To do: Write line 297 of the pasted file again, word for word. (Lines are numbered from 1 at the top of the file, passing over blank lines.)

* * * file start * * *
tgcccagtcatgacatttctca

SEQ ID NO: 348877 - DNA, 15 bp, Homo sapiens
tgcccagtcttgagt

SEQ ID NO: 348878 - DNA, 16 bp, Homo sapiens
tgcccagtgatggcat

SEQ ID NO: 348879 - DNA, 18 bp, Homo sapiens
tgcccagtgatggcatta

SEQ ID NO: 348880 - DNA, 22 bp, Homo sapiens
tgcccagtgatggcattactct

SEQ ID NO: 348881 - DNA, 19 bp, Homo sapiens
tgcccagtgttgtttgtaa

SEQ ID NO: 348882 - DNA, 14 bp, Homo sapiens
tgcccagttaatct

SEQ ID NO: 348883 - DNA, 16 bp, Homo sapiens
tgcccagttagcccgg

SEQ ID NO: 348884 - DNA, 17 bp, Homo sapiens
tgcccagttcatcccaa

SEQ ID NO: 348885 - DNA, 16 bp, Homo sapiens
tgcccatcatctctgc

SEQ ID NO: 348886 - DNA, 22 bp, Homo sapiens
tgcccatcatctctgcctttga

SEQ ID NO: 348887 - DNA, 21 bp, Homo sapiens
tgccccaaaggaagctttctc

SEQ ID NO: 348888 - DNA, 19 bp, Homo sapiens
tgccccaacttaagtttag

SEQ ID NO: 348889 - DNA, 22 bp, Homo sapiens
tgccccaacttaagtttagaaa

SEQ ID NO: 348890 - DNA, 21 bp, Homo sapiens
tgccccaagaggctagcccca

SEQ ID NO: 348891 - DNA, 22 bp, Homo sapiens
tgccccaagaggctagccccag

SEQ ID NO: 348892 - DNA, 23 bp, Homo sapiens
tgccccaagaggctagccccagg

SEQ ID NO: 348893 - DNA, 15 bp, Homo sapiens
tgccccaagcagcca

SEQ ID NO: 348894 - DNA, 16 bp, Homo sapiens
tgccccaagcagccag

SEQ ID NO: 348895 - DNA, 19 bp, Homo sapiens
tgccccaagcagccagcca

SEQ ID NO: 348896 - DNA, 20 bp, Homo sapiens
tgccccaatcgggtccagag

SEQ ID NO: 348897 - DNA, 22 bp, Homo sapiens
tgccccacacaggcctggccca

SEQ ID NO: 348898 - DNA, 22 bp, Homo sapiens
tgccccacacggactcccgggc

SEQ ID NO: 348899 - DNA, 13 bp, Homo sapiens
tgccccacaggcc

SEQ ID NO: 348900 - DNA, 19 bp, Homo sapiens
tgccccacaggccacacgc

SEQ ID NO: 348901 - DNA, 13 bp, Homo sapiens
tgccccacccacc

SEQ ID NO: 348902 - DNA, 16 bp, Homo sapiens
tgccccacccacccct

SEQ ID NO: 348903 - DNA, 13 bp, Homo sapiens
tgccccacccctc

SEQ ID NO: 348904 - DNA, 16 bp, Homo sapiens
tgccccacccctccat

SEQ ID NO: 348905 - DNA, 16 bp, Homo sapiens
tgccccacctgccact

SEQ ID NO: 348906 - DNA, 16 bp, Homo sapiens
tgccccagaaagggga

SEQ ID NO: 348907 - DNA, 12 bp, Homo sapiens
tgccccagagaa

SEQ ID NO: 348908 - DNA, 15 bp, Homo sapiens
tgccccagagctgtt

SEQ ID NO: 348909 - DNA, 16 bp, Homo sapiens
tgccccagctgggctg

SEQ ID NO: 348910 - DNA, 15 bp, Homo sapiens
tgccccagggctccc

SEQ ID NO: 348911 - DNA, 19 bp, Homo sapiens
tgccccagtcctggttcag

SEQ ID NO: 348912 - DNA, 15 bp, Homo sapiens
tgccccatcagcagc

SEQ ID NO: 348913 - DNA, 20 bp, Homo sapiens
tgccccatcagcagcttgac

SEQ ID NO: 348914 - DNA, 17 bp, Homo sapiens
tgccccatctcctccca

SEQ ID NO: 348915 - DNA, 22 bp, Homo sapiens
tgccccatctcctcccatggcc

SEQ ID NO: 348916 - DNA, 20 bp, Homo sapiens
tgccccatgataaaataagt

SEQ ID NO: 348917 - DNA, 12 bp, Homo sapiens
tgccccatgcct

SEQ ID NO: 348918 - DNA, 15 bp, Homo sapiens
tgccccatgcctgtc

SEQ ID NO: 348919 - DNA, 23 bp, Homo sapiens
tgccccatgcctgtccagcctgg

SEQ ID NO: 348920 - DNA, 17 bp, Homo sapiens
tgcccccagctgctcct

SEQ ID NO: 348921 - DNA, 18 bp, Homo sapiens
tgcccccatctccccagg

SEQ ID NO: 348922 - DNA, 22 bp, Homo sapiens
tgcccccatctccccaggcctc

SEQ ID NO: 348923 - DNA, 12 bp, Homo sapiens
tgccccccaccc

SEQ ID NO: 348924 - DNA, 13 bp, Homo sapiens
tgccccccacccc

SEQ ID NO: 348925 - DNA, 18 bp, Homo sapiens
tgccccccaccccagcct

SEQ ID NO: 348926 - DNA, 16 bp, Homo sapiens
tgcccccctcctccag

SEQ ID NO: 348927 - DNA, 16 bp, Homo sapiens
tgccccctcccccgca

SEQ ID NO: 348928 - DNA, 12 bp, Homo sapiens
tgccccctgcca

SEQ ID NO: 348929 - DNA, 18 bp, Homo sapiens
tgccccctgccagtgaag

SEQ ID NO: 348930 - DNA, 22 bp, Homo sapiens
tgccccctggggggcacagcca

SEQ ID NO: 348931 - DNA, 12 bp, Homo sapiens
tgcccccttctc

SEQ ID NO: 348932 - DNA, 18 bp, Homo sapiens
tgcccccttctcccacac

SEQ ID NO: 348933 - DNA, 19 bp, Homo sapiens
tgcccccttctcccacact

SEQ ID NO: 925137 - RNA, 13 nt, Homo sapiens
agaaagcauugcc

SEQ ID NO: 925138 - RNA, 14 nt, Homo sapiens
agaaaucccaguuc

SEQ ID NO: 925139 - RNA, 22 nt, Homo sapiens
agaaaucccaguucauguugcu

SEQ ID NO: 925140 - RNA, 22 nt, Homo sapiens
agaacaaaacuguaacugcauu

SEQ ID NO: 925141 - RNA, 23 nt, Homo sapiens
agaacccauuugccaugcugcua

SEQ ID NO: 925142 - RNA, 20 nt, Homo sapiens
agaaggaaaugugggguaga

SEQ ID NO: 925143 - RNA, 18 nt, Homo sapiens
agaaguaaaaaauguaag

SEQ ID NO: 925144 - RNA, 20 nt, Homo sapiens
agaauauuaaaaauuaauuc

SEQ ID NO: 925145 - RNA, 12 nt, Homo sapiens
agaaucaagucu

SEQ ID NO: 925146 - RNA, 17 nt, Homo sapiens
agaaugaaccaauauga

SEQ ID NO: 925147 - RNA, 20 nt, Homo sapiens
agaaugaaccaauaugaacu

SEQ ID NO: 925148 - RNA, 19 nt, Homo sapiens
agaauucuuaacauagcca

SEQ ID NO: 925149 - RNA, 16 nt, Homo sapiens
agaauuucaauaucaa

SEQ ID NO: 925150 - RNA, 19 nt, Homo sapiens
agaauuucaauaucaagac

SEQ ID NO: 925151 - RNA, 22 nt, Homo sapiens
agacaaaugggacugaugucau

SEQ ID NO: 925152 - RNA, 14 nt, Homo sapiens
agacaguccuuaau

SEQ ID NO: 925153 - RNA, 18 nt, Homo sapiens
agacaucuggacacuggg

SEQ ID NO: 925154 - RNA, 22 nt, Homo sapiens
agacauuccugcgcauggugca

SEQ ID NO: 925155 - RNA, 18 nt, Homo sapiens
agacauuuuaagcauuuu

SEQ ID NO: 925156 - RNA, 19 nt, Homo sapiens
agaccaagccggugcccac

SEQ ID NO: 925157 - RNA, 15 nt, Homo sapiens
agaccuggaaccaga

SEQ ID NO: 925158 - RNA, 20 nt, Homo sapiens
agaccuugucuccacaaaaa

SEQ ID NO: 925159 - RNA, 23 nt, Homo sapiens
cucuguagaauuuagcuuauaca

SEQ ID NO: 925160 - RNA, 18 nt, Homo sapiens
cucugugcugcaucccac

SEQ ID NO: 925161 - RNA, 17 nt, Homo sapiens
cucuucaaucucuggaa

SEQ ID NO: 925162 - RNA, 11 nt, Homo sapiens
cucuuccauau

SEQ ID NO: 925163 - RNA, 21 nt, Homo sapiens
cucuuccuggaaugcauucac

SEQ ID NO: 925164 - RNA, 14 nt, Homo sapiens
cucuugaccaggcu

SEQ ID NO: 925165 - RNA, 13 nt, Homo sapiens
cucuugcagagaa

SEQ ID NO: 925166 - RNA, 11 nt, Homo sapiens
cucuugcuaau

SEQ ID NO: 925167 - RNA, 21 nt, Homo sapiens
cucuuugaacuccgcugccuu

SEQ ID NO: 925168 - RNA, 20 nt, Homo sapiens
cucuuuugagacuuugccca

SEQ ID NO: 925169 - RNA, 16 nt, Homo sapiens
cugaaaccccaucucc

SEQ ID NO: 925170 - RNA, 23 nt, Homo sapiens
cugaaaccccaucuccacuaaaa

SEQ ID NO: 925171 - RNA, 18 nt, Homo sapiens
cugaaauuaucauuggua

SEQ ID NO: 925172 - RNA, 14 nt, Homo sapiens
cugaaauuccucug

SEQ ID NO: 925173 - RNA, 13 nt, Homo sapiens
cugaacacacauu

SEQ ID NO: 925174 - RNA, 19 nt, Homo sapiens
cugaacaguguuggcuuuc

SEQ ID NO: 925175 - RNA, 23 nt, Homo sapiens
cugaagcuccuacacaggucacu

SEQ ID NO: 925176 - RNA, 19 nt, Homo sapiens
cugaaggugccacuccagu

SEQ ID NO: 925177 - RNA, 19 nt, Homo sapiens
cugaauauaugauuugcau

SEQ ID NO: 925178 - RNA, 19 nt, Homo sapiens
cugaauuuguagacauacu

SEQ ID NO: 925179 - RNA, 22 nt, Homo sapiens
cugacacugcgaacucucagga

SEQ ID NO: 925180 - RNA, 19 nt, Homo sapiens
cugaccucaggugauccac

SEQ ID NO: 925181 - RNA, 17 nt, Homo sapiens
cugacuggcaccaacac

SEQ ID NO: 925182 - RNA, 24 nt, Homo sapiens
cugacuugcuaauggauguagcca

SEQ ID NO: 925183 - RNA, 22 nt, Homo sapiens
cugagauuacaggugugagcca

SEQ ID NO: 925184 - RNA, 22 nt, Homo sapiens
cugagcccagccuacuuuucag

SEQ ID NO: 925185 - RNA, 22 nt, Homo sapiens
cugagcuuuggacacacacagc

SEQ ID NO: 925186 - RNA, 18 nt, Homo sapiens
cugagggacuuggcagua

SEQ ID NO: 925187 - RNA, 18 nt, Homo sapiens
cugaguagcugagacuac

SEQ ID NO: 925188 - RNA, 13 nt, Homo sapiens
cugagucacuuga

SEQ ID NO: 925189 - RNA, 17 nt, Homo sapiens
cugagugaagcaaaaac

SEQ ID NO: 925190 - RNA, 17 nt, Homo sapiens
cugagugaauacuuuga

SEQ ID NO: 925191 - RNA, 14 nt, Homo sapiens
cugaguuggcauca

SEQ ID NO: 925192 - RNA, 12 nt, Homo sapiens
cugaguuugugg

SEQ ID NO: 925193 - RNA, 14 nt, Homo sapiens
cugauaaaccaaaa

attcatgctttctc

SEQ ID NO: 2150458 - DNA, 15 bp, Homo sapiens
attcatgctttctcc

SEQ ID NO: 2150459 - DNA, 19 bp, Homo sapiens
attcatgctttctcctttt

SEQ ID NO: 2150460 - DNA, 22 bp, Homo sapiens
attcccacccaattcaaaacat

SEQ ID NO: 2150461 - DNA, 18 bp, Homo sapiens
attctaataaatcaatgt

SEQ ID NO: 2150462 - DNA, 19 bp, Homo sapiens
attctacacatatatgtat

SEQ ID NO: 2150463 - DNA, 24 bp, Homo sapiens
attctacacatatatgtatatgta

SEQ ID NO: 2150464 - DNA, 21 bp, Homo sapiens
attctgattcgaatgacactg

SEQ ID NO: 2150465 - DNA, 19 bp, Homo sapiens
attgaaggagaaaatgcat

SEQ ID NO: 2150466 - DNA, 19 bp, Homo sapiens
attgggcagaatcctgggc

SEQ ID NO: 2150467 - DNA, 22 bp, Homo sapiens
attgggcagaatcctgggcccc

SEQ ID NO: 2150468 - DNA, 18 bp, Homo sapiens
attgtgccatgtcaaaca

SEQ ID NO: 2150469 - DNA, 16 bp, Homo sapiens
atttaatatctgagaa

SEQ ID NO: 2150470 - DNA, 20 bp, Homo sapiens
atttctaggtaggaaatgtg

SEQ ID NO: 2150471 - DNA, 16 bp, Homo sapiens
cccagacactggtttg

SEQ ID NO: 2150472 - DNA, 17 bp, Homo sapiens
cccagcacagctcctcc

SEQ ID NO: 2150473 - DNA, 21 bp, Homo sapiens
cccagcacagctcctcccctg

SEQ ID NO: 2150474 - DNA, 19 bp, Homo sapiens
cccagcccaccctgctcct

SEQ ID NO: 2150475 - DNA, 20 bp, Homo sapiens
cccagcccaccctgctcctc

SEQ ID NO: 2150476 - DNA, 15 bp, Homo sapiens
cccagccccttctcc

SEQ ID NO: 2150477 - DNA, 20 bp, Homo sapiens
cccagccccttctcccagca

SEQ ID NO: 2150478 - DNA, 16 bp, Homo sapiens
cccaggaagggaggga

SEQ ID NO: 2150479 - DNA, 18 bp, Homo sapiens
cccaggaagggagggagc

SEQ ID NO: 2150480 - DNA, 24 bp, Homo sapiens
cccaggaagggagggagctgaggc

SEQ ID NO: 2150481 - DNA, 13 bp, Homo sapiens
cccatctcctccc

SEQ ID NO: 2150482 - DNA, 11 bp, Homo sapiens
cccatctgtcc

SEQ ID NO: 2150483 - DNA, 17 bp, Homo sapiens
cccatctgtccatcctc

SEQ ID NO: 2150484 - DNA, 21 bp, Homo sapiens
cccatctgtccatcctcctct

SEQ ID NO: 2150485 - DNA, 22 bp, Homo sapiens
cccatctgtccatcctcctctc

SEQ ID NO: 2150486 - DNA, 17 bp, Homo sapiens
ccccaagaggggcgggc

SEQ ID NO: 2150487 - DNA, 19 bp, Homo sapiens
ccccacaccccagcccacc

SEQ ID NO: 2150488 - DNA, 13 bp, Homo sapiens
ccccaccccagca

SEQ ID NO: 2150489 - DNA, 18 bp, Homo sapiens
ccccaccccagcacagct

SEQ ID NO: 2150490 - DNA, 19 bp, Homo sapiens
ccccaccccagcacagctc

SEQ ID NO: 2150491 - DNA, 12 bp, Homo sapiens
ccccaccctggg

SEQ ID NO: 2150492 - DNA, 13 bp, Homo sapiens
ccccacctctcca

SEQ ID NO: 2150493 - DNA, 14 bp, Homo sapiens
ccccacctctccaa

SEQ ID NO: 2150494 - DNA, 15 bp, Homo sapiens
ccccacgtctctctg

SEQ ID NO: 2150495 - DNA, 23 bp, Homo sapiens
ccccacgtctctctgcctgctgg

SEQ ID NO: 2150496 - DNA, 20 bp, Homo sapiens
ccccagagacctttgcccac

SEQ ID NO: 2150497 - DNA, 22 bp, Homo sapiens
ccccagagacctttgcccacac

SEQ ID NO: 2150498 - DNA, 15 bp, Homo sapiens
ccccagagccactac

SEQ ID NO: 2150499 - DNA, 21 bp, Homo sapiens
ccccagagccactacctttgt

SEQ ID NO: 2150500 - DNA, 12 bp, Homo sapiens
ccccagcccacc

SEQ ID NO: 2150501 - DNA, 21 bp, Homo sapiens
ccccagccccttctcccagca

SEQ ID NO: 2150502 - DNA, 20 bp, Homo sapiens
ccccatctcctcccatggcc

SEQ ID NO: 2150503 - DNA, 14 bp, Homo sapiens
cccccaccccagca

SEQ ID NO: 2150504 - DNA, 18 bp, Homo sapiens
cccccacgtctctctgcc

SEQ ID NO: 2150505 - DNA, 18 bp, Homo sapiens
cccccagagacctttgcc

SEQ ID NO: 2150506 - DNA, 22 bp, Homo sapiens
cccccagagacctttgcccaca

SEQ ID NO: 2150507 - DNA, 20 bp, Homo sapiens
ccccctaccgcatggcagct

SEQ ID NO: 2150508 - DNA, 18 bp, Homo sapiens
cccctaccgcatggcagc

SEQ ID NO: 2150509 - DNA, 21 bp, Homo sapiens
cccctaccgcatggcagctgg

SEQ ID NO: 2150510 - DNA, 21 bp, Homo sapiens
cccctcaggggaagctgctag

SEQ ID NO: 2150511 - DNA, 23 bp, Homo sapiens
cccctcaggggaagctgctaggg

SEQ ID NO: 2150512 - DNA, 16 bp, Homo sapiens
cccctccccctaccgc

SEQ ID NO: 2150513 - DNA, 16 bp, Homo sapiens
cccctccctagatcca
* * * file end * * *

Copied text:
SEQ ID NO: 2150491 - DNA, 12 bp, Homo sapiens